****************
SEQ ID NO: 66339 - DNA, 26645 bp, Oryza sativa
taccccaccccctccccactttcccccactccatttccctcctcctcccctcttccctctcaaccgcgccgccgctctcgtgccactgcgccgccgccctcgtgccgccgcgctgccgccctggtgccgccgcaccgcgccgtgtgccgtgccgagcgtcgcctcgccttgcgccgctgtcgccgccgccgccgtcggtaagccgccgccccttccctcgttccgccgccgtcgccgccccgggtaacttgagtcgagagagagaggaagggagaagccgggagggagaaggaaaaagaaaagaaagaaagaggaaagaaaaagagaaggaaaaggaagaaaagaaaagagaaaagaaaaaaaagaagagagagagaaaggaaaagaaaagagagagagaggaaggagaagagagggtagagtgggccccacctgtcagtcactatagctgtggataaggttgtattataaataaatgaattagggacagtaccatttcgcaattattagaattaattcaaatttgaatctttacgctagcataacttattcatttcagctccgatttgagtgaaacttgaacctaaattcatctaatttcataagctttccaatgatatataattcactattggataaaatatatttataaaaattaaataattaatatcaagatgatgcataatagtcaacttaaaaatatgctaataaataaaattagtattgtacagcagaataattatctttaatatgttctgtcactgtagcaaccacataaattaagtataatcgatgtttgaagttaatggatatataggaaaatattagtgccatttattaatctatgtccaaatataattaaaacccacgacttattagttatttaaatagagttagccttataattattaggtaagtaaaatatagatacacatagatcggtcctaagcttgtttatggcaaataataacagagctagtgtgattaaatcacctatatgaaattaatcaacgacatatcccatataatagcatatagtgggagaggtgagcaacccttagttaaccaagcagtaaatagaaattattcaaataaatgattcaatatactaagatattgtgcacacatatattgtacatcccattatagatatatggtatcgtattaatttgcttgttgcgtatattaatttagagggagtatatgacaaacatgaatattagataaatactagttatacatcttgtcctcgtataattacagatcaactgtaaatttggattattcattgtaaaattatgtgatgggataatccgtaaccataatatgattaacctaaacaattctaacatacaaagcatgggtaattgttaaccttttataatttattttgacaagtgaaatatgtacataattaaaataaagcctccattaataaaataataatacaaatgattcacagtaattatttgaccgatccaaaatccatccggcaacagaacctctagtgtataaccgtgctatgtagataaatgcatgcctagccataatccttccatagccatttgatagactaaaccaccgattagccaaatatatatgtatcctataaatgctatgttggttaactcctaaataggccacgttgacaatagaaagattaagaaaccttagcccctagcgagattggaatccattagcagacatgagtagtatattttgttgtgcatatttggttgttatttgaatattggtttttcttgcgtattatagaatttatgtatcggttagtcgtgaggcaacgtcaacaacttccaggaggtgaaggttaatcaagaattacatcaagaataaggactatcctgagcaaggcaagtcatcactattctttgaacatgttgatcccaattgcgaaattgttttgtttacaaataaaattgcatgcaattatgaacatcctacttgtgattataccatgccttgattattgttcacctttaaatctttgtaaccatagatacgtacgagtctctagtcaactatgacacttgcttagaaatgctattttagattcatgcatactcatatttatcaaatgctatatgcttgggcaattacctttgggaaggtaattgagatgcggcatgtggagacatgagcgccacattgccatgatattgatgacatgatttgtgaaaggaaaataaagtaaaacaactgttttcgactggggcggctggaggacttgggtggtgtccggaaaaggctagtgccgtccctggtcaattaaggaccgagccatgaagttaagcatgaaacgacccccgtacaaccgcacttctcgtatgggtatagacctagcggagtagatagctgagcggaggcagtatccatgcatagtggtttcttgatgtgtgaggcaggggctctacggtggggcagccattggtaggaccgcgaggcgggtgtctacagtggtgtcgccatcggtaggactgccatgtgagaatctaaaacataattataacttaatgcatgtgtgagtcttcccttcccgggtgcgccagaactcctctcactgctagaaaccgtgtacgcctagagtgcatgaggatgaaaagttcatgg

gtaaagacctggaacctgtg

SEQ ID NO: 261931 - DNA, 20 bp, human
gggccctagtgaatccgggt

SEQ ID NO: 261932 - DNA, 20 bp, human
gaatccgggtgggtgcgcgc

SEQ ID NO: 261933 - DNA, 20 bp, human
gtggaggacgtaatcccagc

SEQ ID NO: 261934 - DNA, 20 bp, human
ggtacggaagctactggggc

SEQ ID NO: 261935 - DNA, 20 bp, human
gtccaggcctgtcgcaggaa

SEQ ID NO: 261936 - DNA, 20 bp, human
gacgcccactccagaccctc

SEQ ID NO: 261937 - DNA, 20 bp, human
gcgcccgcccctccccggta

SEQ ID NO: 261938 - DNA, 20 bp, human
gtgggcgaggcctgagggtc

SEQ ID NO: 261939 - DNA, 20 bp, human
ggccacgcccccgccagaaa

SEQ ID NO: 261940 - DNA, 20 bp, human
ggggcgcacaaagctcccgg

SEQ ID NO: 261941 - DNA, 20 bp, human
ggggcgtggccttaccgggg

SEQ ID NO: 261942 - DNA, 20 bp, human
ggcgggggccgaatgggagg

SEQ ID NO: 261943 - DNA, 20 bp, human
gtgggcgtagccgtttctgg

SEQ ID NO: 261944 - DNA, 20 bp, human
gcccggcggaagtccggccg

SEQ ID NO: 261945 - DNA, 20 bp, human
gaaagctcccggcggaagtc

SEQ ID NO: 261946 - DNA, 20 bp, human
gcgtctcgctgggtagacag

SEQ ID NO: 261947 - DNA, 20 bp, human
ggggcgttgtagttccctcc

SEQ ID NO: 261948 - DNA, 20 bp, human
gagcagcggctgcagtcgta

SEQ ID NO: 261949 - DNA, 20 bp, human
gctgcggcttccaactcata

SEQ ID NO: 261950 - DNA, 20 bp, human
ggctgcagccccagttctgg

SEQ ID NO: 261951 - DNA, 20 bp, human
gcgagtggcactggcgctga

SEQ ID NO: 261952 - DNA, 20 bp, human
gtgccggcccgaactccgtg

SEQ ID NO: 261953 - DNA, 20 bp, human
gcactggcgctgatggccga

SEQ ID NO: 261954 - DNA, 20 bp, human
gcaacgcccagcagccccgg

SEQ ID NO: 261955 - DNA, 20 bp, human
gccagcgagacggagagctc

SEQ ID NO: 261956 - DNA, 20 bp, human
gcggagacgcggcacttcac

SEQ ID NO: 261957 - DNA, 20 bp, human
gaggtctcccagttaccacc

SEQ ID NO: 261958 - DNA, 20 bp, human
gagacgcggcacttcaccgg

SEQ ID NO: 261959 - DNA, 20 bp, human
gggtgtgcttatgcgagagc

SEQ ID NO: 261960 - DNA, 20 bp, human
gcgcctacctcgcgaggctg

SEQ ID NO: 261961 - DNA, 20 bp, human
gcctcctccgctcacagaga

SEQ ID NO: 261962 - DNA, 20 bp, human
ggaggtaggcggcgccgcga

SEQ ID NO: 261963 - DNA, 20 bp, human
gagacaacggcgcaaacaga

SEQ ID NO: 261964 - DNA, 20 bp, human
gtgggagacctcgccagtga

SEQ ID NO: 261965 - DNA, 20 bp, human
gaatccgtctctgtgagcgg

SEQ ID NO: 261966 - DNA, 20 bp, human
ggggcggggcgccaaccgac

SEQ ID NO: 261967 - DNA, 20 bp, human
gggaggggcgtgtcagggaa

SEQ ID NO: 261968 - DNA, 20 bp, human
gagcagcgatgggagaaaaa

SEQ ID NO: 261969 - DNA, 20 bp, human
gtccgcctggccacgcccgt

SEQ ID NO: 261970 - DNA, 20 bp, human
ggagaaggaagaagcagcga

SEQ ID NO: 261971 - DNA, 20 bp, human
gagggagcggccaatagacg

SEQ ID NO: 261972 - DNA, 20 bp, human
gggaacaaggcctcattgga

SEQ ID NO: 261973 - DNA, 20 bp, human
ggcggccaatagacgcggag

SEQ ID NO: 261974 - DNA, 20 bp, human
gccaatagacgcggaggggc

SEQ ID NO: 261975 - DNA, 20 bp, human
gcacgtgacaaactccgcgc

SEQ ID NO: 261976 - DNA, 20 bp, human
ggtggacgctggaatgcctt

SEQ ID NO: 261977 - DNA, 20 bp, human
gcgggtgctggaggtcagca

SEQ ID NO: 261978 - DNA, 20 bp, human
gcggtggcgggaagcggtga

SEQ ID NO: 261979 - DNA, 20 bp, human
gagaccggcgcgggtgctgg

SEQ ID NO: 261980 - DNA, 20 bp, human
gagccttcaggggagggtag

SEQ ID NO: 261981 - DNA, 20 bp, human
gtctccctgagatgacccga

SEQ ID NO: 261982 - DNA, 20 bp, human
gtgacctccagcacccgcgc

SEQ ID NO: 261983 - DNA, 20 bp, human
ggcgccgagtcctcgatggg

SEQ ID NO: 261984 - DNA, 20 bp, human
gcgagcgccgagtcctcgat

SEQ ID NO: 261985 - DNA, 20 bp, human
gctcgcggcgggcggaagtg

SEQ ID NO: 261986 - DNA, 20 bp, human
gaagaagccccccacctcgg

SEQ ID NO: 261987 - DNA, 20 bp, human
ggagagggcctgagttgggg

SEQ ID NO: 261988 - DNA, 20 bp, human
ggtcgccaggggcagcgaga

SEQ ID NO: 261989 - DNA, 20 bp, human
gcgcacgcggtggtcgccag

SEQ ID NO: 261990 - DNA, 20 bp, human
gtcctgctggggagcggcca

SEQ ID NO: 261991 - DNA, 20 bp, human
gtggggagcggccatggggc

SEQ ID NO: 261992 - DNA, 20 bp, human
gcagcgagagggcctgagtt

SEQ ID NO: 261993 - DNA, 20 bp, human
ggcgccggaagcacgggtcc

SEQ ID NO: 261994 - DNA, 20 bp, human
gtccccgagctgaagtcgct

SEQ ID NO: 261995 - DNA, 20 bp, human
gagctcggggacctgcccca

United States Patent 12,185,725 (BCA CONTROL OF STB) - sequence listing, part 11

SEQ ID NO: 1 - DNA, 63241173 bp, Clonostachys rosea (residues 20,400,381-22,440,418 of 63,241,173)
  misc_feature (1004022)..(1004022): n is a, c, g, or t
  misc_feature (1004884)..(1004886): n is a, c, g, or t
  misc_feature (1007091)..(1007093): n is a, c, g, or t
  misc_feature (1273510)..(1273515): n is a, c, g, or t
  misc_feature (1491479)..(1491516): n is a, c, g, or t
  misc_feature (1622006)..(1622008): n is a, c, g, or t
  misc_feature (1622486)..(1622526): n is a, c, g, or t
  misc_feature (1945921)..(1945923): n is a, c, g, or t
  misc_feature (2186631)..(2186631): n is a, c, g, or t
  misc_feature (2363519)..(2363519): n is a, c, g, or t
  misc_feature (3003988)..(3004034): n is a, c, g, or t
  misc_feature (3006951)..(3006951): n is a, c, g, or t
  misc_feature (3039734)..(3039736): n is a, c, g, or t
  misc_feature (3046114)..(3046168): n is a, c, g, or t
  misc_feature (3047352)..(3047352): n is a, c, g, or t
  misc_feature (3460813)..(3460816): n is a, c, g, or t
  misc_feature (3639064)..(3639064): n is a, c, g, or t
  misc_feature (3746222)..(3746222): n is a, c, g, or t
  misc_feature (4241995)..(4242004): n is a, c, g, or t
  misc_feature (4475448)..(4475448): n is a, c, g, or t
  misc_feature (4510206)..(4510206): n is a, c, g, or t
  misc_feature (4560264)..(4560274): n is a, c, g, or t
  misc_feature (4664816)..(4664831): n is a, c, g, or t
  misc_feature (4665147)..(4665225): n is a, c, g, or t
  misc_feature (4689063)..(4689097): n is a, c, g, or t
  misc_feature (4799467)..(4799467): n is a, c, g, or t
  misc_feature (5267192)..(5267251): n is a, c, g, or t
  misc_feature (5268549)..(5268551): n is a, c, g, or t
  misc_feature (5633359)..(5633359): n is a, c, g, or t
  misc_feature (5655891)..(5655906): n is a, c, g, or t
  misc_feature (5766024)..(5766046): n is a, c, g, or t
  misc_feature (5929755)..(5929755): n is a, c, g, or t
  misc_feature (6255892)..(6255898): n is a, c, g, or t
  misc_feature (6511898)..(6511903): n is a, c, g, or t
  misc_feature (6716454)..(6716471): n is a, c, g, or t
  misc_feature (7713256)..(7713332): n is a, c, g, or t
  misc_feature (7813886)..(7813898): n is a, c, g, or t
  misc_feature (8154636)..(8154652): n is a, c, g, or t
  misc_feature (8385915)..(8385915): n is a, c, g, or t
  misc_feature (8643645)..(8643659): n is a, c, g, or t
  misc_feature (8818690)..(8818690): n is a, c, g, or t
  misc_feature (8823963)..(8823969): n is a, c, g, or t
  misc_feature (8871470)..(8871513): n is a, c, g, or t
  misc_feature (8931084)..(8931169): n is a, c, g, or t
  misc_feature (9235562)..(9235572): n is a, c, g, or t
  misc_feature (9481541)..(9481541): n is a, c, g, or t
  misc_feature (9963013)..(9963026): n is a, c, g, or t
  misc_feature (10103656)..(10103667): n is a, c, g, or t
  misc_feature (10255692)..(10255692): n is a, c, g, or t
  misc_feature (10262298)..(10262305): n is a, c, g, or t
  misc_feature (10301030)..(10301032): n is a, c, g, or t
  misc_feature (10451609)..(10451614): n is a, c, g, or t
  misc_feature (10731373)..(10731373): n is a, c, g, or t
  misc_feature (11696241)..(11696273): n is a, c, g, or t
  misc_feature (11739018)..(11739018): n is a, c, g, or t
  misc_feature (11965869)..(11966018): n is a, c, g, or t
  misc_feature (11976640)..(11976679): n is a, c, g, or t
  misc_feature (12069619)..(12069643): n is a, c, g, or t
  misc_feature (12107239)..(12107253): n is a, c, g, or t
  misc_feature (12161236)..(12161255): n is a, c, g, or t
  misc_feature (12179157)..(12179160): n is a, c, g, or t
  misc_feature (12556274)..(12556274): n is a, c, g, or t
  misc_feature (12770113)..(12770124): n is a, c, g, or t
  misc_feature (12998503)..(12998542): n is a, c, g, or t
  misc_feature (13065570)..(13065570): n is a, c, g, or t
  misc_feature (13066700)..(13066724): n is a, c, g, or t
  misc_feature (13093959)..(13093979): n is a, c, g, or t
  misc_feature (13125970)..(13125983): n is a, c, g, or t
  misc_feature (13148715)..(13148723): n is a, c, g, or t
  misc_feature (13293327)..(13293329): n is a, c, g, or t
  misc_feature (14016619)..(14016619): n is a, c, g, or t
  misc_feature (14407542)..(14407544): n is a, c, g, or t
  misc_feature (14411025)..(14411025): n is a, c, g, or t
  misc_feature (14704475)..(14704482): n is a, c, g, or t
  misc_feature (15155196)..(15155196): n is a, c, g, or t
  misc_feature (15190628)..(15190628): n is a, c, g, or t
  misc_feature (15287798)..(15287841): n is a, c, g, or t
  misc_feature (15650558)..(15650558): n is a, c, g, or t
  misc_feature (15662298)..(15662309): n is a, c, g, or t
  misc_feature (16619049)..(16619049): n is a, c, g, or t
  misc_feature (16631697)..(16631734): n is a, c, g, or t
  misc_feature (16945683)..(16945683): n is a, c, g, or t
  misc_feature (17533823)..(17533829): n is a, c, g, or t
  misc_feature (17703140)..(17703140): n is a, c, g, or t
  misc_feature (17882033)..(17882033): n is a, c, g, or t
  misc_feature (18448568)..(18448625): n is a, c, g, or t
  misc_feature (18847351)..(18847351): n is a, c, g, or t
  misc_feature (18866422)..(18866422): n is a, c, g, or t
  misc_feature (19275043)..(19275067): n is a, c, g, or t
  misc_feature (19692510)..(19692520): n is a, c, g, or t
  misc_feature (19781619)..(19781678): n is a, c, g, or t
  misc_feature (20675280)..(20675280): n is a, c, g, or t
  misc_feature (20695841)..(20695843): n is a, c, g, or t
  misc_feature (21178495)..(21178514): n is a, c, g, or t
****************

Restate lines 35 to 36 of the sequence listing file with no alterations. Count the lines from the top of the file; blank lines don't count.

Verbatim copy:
gcgtctcgctgggtagacag

SEQ ID NO: 261947 - DNA, 20 bp, human